San Cristobal Canyon

That was interesting to see, but the real attraction was the amazing waterfall El Juicio (the Judge), as Ricky called it. We’ve also seen this waterfall documented as Niebla del Usabón (Fog of Usabón) or just La Niebla. This was one of the largest and prettiest waterfall I have ever seen in Puerto Rico.

With a height of about 240 feet, it is one of the tallest, and widest, on the island. It is really impressive to see. Of course, the width of the waterfall varies with the amount of rainfall. We had some recent rains, so we had a great waterfall, but the pools in the rivers were not the beautiful blue they normally are (due to the silt being stirred up by the extra water volume). The water was cool, but not as cold as the rivers in El Yunque National Forest. The pool at the base of the falls is deep in areas, but there were plenty of spots near the falls where you could just sit in the water and enjoy the experience. Or, you could just enjoy the rocky beach and look at the falls. It was just a beautiful place to spend some time. For the 4 hour trip, from here you hike back up to the top but we choose the “medium” extreme 6 hour trip.

San Cristobal Canyon

After spending a good amount of time at this first waterfall, we headed off downstream, using both the river bed and trails through the woods.

6/12 I believe they now have a zip line where you take it from the top of Cabras Falls into the pool below.

We followed the river until we got to the top of Salto de la Cabra (or The Goat Jump). This was a smaller waterfall, maybe 25 to 30 feet, but we had make our way down the rocks alongside of the falls. The rock was slippery, so Ricky rigged up a rope for us to hold while we crab-walked our way down. It was very thrilling!

We continued down river, passing a few rock formations and amazingly beautiful sheer rock walls of the canyon. We finally got to Charco Azul (Blue Pool), which is usually a beautiful blue water pool under yet another waterfall. Here you had a choice as to what you wanted to do. You could hang out at the top of the waterfall, to relax on the pebble beach or swim. The other options were to jump to the river at the base of the falls, or to rappel down the rock face an into the river.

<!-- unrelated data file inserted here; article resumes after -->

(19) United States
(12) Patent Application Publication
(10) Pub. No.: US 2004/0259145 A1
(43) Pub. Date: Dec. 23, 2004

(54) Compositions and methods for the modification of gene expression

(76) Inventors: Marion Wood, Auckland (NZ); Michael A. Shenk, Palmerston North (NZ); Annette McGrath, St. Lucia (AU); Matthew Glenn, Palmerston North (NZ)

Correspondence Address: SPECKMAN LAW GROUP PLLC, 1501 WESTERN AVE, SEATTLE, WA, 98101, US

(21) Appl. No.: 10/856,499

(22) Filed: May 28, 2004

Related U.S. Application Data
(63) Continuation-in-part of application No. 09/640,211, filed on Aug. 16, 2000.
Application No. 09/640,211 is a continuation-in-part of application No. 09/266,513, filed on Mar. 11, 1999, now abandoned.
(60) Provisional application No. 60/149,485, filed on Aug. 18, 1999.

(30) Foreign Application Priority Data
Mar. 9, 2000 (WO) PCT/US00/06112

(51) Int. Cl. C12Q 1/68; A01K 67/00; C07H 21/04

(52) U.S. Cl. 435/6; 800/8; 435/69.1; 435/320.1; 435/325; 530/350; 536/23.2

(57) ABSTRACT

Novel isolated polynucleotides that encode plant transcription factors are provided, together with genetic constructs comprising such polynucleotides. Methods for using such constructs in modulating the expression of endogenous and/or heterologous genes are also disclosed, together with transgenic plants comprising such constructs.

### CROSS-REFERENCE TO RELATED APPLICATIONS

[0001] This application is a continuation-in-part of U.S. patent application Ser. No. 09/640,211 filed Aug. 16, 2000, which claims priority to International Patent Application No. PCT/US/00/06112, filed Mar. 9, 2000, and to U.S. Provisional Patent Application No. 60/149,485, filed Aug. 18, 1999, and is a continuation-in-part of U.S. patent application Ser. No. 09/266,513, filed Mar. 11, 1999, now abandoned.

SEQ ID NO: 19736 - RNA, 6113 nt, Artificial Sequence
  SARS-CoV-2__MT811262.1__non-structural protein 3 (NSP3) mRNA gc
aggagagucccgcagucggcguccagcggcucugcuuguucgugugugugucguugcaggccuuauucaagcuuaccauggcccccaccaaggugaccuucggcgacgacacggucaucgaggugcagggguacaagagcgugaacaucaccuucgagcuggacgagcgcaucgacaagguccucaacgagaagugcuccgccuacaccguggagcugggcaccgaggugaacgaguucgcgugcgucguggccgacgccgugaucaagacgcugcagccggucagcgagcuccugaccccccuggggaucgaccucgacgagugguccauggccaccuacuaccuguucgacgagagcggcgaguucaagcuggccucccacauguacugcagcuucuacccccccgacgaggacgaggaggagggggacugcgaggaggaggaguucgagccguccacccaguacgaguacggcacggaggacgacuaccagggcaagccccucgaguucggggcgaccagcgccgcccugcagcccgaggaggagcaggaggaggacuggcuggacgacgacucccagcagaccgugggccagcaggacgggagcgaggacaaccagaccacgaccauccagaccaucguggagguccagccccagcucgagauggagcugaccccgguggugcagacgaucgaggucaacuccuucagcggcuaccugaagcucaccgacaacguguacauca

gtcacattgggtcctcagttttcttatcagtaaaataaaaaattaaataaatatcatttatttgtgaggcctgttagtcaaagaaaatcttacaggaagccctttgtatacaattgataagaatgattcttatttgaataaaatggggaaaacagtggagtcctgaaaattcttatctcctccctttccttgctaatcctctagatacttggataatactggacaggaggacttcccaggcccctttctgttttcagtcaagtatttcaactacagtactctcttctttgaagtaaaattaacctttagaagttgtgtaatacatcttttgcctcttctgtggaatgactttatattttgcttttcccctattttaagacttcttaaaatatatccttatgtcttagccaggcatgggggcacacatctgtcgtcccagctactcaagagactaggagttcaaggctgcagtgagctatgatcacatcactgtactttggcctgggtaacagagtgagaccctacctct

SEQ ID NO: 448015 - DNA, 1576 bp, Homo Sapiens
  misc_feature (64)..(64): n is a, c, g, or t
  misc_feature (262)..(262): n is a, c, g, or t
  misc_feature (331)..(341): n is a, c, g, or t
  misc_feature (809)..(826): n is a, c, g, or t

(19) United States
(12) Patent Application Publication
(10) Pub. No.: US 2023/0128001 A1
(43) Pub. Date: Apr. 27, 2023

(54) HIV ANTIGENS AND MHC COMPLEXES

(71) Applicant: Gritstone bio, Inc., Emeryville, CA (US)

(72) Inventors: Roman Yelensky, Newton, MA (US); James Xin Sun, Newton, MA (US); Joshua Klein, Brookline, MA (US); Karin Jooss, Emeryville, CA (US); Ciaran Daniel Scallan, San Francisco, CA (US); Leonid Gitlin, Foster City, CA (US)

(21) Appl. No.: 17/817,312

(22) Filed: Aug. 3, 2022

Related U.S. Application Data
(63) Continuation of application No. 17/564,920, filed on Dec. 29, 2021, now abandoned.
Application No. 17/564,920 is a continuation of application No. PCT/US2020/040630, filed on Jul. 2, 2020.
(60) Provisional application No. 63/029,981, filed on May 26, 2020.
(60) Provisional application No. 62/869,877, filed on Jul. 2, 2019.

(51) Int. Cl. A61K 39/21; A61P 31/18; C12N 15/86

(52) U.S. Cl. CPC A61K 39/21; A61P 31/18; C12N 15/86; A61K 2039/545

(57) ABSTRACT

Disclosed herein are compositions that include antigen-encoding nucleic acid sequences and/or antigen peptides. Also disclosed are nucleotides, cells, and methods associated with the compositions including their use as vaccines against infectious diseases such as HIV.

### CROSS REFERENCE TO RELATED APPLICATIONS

San Cristobal Canyon

We (along with most of the others in the group) chose the rappelling route. We geared up into rappelling harnesses, and Ricky rigged up the ropes (the rappelling line and a safety line) and we rappelled down into the river at the base of the waterfall.

For most of the people in the group, it was their first time rappelling, and they did really well.

Once you rappelled into the river, you had to wait for everyone else to come down. You could swim downriver a little bit to a pebble beach and wait there, or you could scoot up onto a rock near the base of the waterfall (where you were protected from most of the spray from the falls.

San Cristobal Canyon

While sitting there, I wondered how we were going to get back up to the top of the falls — and that’s where this trip got even more extreme!

We had to climb up the space behind the waterfall, through little caves or tunnels between the rocks. Our guides were a great help getting us up through this maze of slippery rocks and running water!

Once everyone made it back to the top of the falls, we had a chance to rest up from our adventure, then we headed up river, retracing our steps along what had become a slippery trail due to a short rain shower. We were all tired, but thrilled at our adventure in this true natural wonder.

Some Thoughts & Observations

San Cristobal Canyon

Even with the guides, you are totally responsible for your own safety. They give you helmets and life jackets. Though they did require you to wear them at certain times, they were not as strict as other tour companies (who might require you to wear them all the time). They tell you the rocks are slippery, but if you want to go close to the edge and risk it, it was your choice. You need to use common sense on this tour.